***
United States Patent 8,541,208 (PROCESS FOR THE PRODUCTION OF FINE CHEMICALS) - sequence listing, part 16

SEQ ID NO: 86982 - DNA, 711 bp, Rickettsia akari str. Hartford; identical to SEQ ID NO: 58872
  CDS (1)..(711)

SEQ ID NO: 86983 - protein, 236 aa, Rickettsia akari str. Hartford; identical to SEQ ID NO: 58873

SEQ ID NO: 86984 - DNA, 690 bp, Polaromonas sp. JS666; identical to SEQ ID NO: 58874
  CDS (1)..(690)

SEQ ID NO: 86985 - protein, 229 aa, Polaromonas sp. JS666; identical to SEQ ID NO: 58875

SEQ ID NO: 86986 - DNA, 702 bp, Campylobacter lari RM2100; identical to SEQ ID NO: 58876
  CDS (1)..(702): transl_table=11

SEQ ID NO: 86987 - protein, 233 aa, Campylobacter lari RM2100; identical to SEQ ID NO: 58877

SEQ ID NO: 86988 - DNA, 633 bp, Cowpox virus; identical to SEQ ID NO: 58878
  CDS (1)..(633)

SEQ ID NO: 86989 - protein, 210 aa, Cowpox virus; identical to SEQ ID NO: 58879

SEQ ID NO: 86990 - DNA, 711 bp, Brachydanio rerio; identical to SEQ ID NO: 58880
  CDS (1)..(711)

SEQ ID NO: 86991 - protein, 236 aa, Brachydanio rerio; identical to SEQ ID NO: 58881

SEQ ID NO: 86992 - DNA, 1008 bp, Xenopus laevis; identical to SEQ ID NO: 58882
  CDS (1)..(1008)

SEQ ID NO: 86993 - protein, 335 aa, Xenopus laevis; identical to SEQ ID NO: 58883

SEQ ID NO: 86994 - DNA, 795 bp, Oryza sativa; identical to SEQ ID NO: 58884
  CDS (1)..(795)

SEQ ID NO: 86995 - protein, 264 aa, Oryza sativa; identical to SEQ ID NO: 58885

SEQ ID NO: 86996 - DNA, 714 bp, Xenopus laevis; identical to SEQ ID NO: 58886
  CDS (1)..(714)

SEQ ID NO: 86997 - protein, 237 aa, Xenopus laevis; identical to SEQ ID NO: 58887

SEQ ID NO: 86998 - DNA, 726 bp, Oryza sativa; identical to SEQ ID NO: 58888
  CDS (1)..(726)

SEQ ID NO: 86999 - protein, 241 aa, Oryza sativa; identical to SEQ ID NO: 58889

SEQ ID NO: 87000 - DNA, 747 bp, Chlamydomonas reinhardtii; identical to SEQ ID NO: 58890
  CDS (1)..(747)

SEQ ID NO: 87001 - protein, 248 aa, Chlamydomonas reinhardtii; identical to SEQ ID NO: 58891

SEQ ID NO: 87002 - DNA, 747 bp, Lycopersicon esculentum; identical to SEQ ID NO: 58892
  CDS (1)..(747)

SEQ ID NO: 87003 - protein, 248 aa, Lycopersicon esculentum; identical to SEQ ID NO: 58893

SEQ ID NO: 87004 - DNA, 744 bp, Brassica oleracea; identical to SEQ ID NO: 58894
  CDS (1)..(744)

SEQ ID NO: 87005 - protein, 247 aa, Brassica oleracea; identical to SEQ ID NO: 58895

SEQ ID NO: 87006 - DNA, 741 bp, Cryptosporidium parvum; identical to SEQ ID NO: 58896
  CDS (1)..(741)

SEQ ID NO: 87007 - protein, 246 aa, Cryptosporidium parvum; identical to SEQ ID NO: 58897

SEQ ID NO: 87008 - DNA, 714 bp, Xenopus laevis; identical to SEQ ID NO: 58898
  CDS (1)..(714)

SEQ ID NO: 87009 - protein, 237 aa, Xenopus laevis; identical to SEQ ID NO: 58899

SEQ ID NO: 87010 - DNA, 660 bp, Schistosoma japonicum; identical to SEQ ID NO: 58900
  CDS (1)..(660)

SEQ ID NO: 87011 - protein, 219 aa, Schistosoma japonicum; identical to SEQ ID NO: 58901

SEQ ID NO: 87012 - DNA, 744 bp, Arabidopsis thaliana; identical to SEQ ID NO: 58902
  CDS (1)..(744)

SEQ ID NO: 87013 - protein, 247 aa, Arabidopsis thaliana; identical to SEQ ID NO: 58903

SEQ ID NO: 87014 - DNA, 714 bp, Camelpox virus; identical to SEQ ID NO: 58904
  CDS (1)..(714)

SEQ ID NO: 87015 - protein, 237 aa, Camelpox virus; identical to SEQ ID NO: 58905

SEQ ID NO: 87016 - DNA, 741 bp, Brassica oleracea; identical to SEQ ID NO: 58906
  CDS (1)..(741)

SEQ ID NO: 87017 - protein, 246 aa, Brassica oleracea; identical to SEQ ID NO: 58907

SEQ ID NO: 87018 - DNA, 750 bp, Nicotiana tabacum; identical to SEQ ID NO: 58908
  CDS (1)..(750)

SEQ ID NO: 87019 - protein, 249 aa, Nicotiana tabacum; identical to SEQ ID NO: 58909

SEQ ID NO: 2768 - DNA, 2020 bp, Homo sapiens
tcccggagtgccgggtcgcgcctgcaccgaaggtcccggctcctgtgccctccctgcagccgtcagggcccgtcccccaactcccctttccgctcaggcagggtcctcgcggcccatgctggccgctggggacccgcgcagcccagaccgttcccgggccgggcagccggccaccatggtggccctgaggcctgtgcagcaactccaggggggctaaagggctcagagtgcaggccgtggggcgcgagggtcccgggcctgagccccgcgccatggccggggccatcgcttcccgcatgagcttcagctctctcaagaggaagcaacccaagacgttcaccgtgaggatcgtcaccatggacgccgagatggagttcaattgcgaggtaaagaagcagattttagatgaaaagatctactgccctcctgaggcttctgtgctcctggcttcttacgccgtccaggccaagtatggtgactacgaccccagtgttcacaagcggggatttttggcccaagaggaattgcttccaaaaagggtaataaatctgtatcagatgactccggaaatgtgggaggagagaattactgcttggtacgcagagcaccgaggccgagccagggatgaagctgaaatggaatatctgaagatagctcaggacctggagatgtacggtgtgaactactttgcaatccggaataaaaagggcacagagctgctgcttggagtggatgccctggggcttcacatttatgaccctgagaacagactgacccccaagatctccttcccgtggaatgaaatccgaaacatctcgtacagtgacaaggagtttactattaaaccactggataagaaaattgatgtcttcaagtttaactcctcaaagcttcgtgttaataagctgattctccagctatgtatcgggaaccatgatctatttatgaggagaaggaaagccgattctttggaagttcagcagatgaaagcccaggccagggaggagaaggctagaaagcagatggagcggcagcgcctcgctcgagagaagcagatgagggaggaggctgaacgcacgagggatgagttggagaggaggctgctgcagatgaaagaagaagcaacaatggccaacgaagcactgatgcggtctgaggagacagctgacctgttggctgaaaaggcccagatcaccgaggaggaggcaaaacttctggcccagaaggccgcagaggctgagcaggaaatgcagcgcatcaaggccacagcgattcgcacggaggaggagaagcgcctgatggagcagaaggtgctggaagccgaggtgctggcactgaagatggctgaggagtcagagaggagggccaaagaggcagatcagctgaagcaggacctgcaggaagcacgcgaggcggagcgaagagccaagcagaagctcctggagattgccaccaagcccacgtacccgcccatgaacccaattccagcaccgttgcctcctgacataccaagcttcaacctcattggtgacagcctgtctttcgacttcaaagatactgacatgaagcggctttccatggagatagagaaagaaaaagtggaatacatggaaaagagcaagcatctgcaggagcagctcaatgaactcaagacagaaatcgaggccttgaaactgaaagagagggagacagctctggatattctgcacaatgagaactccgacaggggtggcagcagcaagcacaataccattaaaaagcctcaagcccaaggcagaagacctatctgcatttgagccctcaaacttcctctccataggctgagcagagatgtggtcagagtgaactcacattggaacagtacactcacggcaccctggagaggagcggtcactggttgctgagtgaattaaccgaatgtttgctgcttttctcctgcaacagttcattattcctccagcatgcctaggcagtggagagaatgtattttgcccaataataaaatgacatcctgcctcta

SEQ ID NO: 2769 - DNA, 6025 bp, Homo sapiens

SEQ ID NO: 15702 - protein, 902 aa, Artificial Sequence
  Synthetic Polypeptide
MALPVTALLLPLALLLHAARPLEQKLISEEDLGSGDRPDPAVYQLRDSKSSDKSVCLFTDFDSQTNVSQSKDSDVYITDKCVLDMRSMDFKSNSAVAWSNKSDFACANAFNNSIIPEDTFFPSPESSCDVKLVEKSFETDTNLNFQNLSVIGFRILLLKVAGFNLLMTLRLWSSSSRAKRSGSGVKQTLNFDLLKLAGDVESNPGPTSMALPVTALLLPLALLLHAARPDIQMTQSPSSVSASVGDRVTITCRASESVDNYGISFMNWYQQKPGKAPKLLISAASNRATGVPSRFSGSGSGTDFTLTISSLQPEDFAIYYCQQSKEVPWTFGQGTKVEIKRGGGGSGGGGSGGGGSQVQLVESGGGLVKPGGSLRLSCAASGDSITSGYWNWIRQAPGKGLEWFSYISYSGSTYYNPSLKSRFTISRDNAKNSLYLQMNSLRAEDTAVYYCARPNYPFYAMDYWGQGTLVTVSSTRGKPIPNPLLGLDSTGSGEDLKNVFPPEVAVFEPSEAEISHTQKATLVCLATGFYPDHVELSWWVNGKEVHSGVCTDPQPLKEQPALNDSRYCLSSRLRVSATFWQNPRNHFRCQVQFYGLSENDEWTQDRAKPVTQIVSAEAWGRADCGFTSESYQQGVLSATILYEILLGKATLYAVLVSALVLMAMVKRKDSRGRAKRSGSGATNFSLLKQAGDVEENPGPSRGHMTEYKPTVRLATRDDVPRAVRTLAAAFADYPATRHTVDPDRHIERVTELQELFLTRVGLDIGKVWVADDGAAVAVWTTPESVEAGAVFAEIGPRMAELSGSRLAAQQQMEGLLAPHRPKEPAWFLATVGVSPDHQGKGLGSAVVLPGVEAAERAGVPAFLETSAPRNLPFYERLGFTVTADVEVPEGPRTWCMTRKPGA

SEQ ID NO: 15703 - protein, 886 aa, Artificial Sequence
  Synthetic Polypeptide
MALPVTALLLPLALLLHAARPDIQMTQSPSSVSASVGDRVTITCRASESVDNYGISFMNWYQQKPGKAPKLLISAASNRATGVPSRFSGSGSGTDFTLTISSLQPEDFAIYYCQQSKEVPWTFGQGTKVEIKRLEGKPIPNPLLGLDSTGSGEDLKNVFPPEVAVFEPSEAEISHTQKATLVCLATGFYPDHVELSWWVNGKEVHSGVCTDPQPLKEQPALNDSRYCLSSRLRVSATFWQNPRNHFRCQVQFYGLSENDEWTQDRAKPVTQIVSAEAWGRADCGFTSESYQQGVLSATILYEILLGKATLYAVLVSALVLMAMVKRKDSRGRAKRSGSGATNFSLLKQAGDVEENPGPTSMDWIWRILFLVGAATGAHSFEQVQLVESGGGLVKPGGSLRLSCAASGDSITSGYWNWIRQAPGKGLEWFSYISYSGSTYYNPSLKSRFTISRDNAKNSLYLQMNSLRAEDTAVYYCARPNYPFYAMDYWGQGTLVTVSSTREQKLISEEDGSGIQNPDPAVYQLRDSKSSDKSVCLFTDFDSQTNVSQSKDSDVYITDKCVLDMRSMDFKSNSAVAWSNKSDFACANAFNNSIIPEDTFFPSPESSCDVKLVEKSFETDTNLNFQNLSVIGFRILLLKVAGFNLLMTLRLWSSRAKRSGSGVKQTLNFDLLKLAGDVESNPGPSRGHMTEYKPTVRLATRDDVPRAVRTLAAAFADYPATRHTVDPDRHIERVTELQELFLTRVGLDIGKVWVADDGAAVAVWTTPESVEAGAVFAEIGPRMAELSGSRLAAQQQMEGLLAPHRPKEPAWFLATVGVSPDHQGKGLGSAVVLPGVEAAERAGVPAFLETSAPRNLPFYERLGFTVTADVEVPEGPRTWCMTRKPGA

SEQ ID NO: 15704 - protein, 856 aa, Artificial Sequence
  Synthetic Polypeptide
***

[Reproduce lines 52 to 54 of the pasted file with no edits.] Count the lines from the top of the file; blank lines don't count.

SEQ ID NO: 87015 - protein, 237 aa, Camelpox virus; identical to SEQ ID NO: 58905

SEQ ID NO: 87016 - DNA, 741 bp, Brassica oleracea; identical to SEQ ID NO: 58906
  CDS (1)..(741)